The originality of our project lies in (i) integrating different adaptation mechanisms in ecological forecasts of climate change, which has only rarely been attempted; (ii) studying the interaction between these different mechanisms of adaptation, (iii) combining different types of modeling approaches and observations to both explore and predict the adaptive challenges and responses of tree populations experiencing climate changes. More precisely, we will make an original use of extant process-based models simulating variation in bud burst date and its impact on demographic rates, to quantitatively predict the direction and force of selection acting on phenological traits across environments in current and future climate.

The Potenchene project

Photo PotencheneThe risk assessment of biodiversity decline along with climate change urgently requires a better understanding of how organisms respond to increased environmental stochasticity, accounting for evolutionary and demographic processes in populations and communities. We focused on oak trees and their acorn feeder specialists as a case study (1) to characterize the adaptive capacities of oak populations by quantifying variations in their key-fitness traits along environmental gradients and (2) to assess the impact of environmental stochasticity at individual, population and community levels by analyzing the evolutionary and demographic responses of feeder specialists to pulsed resource (oak acorns). This project relies on an extended network for biodiversity survey, reproductive phenology monitoring, functional traits measurements and on the joined expertise of four partners. This work is in collaboration with the geneticists Samuel Venner (CNRS).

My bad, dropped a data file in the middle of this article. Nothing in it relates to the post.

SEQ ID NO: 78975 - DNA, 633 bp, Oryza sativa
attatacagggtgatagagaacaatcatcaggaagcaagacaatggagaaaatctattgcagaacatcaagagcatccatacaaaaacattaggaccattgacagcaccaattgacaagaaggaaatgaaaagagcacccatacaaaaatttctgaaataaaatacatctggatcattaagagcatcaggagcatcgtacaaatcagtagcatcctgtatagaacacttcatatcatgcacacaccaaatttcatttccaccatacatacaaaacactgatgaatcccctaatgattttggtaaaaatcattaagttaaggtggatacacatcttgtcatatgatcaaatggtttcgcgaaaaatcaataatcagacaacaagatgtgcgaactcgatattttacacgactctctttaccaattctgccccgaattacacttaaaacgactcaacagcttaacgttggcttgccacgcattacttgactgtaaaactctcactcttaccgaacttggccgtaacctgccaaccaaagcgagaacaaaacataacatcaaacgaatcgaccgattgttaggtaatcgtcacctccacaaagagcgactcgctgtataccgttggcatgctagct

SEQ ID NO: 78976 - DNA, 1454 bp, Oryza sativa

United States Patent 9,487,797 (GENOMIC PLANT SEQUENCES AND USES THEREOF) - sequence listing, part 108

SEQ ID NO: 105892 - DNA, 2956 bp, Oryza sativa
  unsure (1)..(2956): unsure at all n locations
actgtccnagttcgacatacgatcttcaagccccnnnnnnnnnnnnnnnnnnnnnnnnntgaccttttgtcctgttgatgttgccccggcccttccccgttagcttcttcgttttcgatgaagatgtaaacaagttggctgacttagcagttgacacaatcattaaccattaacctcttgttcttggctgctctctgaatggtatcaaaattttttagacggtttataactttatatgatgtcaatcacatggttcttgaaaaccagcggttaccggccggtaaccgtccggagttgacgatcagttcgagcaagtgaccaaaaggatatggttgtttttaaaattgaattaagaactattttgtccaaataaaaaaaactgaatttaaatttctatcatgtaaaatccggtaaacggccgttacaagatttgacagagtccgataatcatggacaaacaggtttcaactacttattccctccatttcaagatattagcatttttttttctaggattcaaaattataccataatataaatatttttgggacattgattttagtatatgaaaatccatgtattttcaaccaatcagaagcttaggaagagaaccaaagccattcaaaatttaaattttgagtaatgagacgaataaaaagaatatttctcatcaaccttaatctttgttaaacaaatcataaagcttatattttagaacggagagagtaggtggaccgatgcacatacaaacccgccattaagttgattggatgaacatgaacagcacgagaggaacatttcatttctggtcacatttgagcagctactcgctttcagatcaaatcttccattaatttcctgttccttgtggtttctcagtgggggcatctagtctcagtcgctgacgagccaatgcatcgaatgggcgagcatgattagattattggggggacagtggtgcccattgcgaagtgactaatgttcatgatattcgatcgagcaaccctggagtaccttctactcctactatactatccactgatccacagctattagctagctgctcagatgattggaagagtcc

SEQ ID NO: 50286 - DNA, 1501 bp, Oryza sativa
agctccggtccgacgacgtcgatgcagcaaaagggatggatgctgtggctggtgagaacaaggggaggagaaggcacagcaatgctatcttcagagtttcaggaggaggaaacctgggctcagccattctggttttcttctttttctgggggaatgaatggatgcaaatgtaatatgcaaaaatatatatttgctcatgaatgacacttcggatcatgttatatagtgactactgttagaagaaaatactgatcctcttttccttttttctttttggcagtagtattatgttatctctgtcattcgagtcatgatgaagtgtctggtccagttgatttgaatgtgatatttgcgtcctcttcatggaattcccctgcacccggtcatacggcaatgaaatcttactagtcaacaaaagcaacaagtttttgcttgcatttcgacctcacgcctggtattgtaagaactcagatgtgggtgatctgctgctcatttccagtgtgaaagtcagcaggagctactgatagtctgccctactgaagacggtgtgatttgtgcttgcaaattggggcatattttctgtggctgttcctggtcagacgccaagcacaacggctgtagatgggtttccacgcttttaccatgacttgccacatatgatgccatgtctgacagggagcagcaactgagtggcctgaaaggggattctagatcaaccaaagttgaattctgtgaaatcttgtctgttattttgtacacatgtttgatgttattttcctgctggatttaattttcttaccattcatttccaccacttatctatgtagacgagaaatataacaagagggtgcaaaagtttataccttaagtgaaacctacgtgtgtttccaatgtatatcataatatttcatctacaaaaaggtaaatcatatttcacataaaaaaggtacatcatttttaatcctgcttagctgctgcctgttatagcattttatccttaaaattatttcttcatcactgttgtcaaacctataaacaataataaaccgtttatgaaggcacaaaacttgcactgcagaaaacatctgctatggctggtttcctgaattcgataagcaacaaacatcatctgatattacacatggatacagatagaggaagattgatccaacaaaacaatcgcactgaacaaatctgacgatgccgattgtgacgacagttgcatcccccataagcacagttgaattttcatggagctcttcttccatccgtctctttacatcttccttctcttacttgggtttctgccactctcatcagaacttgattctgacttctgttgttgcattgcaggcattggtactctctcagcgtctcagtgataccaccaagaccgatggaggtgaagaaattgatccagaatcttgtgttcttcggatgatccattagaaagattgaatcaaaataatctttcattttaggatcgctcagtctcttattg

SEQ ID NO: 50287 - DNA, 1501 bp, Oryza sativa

2. Adaption and Evolution to Water Stress

Cavitating the conifers of the world project

Photo Cavitron conifersWater-stress induced cavitation in the hydraulic pathway of woody plants is a good indicator of drought resistance. To improve our knowledge of this process, vulnerability to cavitation and xylem anatomy (tracheid and pit membrane structures) will be measured on a wide range of coniferous species. We will characterize cavitation resistance of tree species within a wide range of conifer taxa using the Cavitron technique in Bordeaux, but will rely on living plant material, equipment, and techniques available at Kew to study xylem anatomy. This will allow us to determine whether cavitation is directly linked to mechanical properties of anatomical features.